The report of the Finance Committee of Parliament on the Long Term Loan Facility Agreement between the government and the African Development Bank for an amount of US$600 million generated heated debate on the floor yesterday.
Despite the fact that the Minority agreed in principles over the benefits the country would derive from the loan, they were of the opinion that some of the expenditure as captured in the report were either on the high side or unnecessary.
As a result the House wanted the report to be accepted through a voice vote.
The Minority Chief Whip, Alhaji Mohammed Mubarak Muntaka insisted that voting on the matter should rather be on head count, a situation that necessitated an adjournment on the matter.
Dr Mark Assibey-Yeboah, Chairman of the Finance Committee presenting the report, which also sought Parliament clearance to wave a Stamp Duty of 0.5 per cent amounting to US$3 million said the facility was part of the measures to ensure sustainability in the cocoa sector in terms of mitigating harsh effects of declining prices, building resilient and robust sector capable of rendering appreciable and sustainable benefits to farmers and the national economy.
He said the adopted strategies required immediate investment in critical areas that included farm productivity, enhancement and control of Cocoa Swollen Shoot Virus Disease, (CSSVD),
Others include increase storage and warehousing capacities as part of export control measures, promotion of processing and consumption to increase demand and establishment of a stabilisation fund to cushion the industry against unexpected declines in world price.
Giving a breakdown of utilisation of the loan proceeds, Dr Assibey-Yebaoh said the breakdown included: Hand Pollination (US$68,111,111.00), Farm Irrigation (US$40,683,678.61), Rehabilitation-CSSVD (US$140,288,242.27), Rehabilitation-Moribund Farms (US$82,711,757.73), Warehouse Capacity (US$50,000,000.00), Farmer Database (US$10,688,762.21), Promotion of Domestic Processing (US$200,000,000.00), Promotion and Consumption (US$7,516,448.07) all totalling to the amount of US$600,000,000.00.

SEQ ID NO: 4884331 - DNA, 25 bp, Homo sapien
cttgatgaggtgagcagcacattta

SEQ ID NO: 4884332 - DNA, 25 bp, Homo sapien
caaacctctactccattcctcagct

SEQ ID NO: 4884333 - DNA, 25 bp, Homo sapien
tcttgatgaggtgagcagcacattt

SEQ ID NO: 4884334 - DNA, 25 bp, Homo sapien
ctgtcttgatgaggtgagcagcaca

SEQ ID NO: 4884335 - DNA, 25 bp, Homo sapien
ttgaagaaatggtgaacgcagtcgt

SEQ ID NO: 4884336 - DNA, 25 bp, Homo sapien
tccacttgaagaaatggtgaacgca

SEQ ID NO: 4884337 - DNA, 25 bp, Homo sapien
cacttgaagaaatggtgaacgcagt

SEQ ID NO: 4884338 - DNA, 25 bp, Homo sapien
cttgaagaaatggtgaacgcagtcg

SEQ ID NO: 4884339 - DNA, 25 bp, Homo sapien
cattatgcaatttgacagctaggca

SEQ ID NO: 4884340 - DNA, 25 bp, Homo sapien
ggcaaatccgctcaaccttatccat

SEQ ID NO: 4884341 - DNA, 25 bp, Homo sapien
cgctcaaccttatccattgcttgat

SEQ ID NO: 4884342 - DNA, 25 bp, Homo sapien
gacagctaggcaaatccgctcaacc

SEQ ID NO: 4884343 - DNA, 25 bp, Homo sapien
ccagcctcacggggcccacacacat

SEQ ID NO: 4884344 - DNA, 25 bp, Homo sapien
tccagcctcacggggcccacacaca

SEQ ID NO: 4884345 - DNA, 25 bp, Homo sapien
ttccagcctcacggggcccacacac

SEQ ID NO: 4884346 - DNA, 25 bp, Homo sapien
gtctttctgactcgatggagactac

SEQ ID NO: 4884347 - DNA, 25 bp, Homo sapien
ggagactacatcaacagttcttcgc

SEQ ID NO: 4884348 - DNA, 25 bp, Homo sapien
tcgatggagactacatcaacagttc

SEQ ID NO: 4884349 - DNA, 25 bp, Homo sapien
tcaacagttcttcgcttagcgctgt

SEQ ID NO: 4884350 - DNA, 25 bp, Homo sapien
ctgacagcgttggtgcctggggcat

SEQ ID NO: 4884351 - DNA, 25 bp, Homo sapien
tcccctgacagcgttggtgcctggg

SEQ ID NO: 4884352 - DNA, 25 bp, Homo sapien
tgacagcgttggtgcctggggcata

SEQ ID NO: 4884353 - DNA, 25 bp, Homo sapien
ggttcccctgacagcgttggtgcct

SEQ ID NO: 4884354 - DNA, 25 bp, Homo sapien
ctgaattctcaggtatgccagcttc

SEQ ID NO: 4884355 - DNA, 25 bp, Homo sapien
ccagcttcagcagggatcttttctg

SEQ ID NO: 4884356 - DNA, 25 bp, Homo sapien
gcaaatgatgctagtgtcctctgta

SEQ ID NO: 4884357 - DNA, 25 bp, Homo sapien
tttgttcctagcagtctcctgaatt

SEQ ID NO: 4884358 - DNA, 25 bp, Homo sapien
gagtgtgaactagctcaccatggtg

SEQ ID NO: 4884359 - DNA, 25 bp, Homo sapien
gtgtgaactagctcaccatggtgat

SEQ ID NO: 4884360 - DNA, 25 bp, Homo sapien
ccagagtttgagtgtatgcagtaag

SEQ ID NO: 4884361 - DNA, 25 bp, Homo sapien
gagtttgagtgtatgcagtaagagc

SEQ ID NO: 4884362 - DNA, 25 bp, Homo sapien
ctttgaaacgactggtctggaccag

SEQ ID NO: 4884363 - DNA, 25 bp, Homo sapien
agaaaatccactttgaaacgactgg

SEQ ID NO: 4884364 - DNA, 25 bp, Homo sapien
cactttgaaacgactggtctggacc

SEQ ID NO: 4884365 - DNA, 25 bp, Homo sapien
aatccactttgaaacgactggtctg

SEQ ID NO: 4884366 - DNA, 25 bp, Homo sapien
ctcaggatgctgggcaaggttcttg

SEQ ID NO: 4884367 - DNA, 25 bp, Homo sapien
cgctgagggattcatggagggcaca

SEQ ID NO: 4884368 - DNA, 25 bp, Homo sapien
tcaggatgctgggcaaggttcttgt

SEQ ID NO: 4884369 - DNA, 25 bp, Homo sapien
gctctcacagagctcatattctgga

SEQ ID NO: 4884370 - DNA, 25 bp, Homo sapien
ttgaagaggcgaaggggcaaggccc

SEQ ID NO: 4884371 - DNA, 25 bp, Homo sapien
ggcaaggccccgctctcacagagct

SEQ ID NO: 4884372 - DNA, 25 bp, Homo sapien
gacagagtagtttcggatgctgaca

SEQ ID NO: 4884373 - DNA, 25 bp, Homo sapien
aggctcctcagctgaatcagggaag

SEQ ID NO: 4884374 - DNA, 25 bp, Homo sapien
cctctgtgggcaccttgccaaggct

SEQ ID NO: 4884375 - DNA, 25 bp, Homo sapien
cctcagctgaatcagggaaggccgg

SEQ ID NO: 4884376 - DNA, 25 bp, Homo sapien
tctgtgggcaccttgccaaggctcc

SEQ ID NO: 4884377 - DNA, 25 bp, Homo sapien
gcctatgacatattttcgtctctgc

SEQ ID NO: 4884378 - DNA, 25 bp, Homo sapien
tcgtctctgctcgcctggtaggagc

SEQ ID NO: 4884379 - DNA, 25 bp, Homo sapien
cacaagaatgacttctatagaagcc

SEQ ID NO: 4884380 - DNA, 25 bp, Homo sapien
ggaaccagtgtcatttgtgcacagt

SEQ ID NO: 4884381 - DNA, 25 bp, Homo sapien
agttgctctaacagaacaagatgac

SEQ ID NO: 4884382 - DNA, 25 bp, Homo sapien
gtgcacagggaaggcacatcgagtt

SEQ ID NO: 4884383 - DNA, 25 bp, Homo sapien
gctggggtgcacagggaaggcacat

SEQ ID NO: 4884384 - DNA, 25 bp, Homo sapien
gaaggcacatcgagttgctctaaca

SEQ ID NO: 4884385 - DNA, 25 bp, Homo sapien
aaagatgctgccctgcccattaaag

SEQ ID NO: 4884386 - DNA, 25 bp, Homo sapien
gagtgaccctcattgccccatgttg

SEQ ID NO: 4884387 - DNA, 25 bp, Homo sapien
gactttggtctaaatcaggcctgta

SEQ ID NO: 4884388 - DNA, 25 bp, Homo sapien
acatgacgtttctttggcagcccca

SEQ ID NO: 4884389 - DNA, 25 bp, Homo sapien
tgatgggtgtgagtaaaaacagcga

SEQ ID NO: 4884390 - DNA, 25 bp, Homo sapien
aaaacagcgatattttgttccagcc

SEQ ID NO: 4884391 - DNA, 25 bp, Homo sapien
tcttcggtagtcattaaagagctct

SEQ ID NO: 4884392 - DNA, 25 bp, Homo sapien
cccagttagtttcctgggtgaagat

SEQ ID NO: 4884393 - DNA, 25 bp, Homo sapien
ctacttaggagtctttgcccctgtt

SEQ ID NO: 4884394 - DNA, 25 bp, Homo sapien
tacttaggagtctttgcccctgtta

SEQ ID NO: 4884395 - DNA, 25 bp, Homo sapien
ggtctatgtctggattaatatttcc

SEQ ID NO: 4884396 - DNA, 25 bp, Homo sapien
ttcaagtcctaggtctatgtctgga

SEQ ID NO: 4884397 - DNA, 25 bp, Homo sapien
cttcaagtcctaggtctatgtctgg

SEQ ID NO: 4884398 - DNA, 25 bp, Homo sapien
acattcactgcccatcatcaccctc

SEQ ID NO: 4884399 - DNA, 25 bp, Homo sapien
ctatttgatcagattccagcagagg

He said officials of COCOBOD explained to the committee that upon the expiration of the grace period, COCOBOD would set aside about 46,000 tonnes of cocoa beans as collateral for the repayment of the facility.
He added that the quantity of cocoa beans was said to be well within COCOBOD’s capabilities since presently, cocoa beans collateralisation arrangements involved about 560,000 tonnes for the annual syndicated loan and 50,000 tonnes for the existing short-medium term facility.
He explained that the US$200 million earmarked for the promotion of domestic processing of cocoa was intended to help credible local processors with working capital to enable the beneficiary processors to expand their production in a bid to help achieve the national target of 50 per cent of locally processed cocoa beans.
According to Dr Assibey-Yeboah, as part of the measures to boost productivity per hectare of cocoa farm, COCOBOD plans to engage about 30,000 hand pollinators to work on about 72,000 hectares of cocoa farms to ensure increase flower production.
However, the Minority was not enthused about assurances and the general manner the disbursement of loan facility was couched under the report.
Mr Haruna Iddrisu, the Minority Leader called for the appearance of the Finance Minister to appear in person before the House to explain in loan details.
He said there was the need for the Minister of Finance to clarify the beneficiaries of the US$200 million meant to boost local processing of cocoa.
Mr Iddrisu argued that the US$200 million meant for four private companies could help establish more industries in the sector to boost productivity as well as mitigate the unemployment situation in the country.
BY LAWRENCE MARKWEI